Professional commentator Erik “DoA” Lonnquist announced he would be parting ways with Blizzard Entertainment from season 3 of the Overwatch League. This news comes shortly after casting partner Christopher “MonteCristo” Mykles did the same. DoA cited creative differences as the key reason for his departure.
Toss a Coin to your Caster
— Erik DoA Lonnquist (@ggDoA) January 6, 2020
DoA exits to new opportunities
“After a lot of thought, I’ve decided to move away from a full-time role at the Overwatch League in 2020 and explore other opportunities in gaming,” said Lonnquist in a Twitlonger post. “It’s been a fantastic experience working with my fellow casters, big brain desk people, and the incredible staff at the Blizzard arena over the last two years, but due to some of the League’s decisions over the last year in terms of creative direction, management, and resistance to input from veteran esports personal (sic), I felt it was time for a change.”
DoA goes on to state that he isn’t totally separating from Overwatch and might attend a few events this year. He also thanks former Overwatch League Commissioner Nate Nanzer for giving him the opportunity to help build the league, along with lead designer Jeff Kaplan and principal designer Scott Mercer.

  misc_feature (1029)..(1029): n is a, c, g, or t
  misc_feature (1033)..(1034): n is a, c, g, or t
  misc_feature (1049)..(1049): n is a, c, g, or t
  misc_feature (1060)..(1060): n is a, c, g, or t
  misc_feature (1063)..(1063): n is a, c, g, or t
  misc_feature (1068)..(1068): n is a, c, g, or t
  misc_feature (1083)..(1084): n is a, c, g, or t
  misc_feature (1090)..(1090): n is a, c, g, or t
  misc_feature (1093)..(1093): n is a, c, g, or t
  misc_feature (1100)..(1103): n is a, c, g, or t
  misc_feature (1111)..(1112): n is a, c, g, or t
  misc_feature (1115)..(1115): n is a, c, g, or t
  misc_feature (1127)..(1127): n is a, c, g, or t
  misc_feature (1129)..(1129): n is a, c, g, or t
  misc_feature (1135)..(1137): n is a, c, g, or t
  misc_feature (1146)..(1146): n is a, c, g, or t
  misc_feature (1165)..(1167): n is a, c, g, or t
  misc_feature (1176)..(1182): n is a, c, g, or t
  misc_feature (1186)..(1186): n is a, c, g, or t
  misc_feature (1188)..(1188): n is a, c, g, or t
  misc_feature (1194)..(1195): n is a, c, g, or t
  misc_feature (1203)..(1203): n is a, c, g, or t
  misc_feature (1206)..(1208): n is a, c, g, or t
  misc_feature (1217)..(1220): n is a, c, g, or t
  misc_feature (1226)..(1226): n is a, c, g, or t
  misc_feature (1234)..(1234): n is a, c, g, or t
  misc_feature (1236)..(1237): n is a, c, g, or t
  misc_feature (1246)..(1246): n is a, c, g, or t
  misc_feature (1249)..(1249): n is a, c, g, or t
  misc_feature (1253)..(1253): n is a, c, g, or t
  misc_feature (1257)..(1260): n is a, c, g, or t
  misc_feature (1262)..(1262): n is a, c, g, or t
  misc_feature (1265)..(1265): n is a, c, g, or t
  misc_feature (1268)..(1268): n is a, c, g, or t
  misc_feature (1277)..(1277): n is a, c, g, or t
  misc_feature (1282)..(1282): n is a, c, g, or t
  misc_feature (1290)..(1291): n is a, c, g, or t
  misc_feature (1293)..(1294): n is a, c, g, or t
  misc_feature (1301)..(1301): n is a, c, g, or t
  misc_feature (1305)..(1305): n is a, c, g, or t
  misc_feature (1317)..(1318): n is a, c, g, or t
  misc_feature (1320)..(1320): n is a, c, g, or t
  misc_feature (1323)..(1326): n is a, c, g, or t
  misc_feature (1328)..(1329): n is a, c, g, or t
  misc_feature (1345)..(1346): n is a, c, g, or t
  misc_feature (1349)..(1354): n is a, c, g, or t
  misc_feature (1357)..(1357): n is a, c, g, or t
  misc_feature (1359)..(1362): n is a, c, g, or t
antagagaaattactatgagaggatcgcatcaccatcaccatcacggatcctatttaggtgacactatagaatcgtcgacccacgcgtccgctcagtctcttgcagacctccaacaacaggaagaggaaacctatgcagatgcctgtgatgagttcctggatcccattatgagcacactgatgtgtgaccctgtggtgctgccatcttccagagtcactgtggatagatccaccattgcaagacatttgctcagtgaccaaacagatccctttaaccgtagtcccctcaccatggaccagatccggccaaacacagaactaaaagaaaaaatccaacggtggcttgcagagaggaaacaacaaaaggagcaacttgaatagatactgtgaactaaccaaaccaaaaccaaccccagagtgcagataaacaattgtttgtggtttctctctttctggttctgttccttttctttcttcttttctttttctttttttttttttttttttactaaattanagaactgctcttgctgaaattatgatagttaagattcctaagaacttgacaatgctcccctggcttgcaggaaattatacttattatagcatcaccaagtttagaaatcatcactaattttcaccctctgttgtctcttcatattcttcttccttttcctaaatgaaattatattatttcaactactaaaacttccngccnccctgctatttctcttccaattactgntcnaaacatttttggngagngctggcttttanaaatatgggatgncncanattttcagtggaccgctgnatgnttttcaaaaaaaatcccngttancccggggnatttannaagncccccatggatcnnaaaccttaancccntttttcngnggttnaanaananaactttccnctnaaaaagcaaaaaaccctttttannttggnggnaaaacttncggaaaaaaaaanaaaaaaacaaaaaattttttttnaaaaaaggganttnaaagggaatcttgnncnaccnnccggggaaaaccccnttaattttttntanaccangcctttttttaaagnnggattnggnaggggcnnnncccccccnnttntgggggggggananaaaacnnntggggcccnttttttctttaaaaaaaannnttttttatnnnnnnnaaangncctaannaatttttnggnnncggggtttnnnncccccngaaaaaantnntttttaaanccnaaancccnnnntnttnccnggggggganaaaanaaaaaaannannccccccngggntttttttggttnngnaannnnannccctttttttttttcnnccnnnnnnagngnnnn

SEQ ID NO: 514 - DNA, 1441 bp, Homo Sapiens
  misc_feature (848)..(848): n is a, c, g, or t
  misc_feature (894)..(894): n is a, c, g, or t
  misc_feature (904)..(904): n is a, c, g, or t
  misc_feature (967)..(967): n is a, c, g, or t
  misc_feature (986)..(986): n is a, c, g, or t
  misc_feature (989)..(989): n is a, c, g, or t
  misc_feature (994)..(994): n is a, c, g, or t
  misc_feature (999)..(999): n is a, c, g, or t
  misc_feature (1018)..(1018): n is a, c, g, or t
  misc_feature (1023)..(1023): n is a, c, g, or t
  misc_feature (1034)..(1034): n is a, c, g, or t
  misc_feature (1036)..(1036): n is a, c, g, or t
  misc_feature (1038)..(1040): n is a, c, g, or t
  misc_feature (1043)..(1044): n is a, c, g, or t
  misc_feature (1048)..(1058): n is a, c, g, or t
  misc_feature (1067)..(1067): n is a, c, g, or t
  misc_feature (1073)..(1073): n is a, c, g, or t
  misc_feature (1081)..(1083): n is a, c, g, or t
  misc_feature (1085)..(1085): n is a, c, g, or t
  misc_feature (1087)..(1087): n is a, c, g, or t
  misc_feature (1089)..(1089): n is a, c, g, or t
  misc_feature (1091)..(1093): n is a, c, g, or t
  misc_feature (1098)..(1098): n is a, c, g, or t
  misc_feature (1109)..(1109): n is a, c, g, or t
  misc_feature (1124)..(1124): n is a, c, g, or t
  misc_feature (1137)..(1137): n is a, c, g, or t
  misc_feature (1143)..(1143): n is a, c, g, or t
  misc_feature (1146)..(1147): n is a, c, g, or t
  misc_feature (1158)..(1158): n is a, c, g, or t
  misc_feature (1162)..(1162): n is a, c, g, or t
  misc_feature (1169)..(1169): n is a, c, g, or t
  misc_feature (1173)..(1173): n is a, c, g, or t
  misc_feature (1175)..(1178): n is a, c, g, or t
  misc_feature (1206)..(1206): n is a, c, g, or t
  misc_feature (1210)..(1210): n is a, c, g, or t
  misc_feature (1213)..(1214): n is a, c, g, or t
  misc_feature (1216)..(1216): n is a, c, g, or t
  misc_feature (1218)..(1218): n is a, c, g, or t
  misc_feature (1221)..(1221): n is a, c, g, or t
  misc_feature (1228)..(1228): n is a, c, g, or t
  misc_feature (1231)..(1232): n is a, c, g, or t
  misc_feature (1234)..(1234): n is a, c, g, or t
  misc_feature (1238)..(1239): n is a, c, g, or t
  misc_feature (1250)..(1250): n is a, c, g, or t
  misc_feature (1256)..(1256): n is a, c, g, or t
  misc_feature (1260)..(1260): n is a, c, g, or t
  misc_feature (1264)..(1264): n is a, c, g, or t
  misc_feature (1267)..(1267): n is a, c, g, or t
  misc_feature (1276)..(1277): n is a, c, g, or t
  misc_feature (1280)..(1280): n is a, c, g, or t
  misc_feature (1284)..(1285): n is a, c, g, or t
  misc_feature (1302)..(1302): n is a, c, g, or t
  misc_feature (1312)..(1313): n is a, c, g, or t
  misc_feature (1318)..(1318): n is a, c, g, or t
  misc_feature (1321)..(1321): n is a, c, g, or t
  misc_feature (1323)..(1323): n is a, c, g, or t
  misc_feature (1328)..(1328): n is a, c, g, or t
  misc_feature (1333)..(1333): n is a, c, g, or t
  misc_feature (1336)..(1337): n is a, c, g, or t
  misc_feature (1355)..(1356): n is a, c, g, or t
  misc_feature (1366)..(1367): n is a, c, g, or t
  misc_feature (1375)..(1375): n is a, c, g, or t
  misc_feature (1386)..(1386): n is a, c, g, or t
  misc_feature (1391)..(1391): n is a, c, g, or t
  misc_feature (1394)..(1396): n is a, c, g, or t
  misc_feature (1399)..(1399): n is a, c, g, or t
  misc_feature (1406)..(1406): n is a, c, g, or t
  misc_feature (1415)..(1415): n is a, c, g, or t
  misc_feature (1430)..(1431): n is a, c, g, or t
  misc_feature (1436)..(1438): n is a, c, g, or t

However, the biggest difficulty for DoA is that this transition will mean the end of his casting partnership with MonteCristo. DoA started casting on StarCraft but transitioned to League of Legends Champions Korea (LCK) alongside MonteCristo in 2013. He also helped with OnGameNet’s Hearthstone tournaments with Christopher “PapaSmithy” Smith.
The duo first cast Overwatch after OGN hosted Season 1 of APEX, the first Korean Overwatch tournament. They later transitioned to fully casting the team-based multiplayer first-person shooter in 2017. In total, DoA and MonteCristo have been together for around seven years, but they will now go down different avenues.
Overwatch League success?
DoA mentions going back to titles he previously cast, with even Teamfight Tactics as a possibility. He also goes on to state that he believes in what the Overwatch League is doing for the esports ecosystem, as he was part of the scene even during the league’s infancy.
Many in the community who might not even be fans of Overwatch itself hope that the Overwatch League can continue to succeed. This is because the league has generated millions of investment in the space. If it fails, not only will teams lose out on their $20-50 million franchise spots, but the whole esports scene will take a significant hit.